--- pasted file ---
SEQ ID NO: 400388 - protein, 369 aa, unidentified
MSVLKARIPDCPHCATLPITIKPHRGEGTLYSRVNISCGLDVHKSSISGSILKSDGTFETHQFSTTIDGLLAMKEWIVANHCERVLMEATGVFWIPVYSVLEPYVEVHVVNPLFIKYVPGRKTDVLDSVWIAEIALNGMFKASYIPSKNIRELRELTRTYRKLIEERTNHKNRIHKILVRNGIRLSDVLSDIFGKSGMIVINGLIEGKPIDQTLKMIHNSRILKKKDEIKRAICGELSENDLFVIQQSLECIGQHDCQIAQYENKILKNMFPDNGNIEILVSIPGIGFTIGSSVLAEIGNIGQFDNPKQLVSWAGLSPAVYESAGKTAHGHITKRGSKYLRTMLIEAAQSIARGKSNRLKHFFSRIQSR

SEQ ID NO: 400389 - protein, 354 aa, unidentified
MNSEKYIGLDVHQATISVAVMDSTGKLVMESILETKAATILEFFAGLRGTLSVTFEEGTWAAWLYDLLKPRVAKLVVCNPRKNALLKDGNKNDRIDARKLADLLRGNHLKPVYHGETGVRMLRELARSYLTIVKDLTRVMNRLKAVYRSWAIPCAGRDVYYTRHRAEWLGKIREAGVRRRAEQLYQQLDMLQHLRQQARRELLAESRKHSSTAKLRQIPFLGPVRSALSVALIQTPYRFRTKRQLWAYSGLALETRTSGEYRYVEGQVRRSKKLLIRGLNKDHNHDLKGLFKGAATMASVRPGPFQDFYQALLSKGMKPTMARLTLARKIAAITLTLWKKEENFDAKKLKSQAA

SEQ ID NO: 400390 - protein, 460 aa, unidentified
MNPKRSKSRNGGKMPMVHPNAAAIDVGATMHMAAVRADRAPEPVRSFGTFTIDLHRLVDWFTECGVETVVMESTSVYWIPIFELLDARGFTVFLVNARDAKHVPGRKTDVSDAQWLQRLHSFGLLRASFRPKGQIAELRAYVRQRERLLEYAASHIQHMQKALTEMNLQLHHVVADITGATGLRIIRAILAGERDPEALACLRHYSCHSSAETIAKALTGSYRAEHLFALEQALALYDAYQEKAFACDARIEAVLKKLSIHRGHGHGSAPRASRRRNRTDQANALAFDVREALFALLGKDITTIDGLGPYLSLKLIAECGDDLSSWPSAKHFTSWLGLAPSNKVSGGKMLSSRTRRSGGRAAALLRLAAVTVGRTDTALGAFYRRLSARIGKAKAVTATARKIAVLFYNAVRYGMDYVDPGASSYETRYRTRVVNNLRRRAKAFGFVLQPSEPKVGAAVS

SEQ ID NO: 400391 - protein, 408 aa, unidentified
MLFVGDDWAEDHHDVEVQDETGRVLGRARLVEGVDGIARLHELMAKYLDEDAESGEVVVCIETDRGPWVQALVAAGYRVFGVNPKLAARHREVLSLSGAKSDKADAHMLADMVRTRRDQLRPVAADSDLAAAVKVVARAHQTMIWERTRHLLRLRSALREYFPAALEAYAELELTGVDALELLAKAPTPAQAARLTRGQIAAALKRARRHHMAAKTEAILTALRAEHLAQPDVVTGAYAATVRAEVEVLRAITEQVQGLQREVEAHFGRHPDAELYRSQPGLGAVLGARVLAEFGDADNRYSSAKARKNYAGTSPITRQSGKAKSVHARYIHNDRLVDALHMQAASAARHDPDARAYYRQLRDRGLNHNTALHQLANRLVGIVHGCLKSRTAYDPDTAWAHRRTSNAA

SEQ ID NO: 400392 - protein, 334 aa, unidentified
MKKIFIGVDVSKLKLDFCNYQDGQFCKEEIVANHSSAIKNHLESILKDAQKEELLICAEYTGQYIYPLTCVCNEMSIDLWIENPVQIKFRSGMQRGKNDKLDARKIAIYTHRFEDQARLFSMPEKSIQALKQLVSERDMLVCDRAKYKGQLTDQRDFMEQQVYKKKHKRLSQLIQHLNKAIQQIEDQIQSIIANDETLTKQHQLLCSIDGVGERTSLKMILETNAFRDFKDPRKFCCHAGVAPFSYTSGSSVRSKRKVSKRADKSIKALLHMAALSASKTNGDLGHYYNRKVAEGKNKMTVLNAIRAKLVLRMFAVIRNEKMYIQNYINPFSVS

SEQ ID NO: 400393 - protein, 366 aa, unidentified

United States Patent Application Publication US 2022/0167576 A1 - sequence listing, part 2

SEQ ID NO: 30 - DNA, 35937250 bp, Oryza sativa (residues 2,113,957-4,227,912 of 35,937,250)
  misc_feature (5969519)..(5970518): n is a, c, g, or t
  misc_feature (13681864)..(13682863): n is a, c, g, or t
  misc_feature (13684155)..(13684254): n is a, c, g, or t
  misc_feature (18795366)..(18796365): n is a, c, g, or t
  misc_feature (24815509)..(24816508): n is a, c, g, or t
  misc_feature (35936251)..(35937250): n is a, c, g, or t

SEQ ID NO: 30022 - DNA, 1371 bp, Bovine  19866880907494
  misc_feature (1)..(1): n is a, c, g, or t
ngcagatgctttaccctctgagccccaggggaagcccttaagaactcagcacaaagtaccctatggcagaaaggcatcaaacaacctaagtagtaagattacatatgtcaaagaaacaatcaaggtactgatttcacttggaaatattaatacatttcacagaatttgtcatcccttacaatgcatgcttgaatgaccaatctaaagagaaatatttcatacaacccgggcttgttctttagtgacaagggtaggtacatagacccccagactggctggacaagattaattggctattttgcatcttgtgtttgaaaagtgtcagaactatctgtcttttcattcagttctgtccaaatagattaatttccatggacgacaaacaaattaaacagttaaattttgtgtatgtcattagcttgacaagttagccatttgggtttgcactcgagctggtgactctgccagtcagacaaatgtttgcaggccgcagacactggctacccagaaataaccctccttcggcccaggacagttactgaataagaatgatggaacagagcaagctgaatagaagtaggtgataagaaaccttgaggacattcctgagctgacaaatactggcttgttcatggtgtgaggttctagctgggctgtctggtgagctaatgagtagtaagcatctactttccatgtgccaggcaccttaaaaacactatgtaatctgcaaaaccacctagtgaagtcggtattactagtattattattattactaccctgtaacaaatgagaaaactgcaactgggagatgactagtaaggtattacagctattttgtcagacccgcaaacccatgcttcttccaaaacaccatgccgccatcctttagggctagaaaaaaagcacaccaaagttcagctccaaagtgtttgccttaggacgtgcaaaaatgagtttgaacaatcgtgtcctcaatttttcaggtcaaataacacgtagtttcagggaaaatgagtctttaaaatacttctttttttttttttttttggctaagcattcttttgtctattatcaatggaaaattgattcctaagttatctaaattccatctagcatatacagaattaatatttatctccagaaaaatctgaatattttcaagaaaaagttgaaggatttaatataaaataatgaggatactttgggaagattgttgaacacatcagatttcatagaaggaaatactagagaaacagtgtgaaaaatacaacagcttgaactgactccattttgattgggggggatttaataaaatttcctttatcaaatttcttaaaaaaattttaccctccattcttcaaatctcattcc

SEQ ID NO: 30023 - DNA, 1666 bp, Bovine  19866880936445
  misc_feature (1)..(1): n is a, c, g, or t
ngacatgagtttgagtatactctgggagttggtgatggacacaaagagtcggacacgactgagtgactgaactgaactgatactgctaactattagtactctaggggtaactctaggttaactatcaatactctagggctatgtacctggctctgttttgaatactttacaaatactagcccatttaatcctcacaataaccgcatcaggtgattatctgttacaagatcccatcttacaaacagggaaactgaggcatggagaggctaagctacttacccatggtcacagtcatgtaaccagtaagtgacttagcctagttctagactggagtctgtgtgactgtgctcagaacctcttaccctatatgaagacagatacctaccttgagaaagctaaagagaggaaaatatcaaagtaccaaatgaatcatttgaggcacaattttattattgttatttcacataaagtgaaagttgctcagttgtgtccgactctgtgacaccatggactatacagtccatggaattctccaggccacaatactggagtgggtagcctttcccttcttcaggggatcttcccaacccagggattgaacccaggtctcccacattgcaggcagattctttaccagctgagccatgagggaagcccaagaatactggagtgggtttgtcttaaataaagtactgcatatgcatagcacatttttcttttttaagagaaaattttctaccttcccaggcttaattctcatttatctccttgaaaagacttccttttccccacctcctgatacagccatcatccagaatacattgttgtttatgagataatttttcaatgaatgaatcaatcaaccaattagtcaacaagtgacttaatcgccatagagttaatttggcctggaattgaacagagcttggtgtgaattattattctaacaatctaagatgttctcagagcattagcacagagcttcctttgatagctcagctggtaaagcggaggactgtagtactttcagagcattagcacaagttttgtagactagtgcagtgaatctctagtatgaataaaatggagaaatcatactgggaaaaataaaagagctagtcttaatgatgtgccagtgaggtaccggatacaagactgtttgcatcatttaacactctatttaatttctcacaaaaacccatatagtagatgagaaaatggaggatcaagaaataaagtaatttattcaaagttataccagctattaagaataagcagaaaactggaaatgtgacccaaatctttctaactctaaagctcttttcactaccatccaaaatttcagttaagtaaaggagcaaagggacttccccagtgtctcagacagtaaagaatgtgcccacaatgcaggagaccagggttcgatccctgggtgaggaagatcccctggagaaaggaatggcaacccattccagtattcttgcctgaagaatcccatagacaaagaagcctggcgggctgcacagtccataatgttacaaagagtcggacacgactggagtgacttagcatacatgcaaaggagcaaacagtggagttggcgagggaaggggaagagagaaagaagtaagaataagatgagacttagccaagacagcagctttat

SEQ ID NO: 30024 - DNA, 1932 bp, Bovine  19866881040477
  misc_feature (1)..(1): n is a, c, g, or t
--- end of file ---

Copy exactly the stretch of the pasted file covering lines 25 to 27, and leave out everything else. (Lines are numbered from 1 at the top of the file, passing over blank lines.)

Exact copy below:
ngacatgagtttgagtatactctgggagttggtgatggacacaaagagtcggacacgactgagtgactgaactgaactgatactgctaactattagtactctaggggtaactctaggttaactatcaatactctagggctatgtacctggctctgttttgaatactttacaaatactagcccatttaatcctcacaataaccgcatcaggtgattatctgttacaagatcccatcttacaaacagggaaactgaggcatggagaggctaagctacttacccatggtcacagtcatgtaaccagtaagtgacttagcctagttctagactggagtctgtgtgactgtgctcagaacctcttaccctatatgaagacagatacctaccttgagaaagctaaagagaggaaaatatcaaagtaccaaatgaatcatttgaggcacaattttattattgttatttcacataaagtgaaagttgctcagttgtgtccgactctgtgacaccatggactatacagtccatggaattctccaggccacaatactggagtgggtagcctttcccttcttcaggggatcttcccaacccagggattgaacccaggtctcccacattgcaggcagattctttaccagctgagccatgagggaagcccaagaatactggagtgggtttgtcttaaataaagtactgcatatgcatagcacatttttcttttttaagagaaaattttctaccttcccaggcttaattctcatttatctccttgaaaagacttccttttccccacctcctgatacagccatcatccagaatacattgttgtttatgagataatttttcaatgaatgaatcaatcaaccaattagtcaacaagtgacttaatcgccatagagttaatttggcctggaattgaacagagcttggtgtgaattattattctaacaatctaagatgttctcagagcattagcacagagcttcctttgatagctcagctggtaaagcggaggactgtagtactttcagagcattagcacaagttttgtagactagtgcagtgaatctctagtatgaataaaatggagaaatcatactgggaaaaataaaagagctagtcttaatgatgtgccagtgaggtaccggatacaagactgtttgcatcatttaacactctatttaatttctcacaaaaacccatatagtagatgagaaaatggaggatcaagaaataaagtaatttattcaaagttataccagctattaagaataagcagaaaactggaaatgtgacccaaatctttctaactctaaagctcttttcactaccatccaaaatttcagttaagtaaaggagcaaagggacttccccagtgtctcagacagtaaagaatgtgcccacaatgcaggagaccagggttcgatccctgggtgaggaagatcccctggagaaaggaatggcaacccattccagtattcttgcctgaagaatcccatagacaaagaagcctggcgggctgcacagtccataatgttacaaagagtcggacacgactggagtgacttagcatacatgcaaaggagcaaacagtggagttggcgagggaaggggaagagagaaagaagtaagaataagatgagacttagccaagacagcagctttat

SEQ ID NO: 30024 - DNA, 1932 bp, Bovine  19866881040477
  misc_feature (1)..(1): n is a, c, g, or t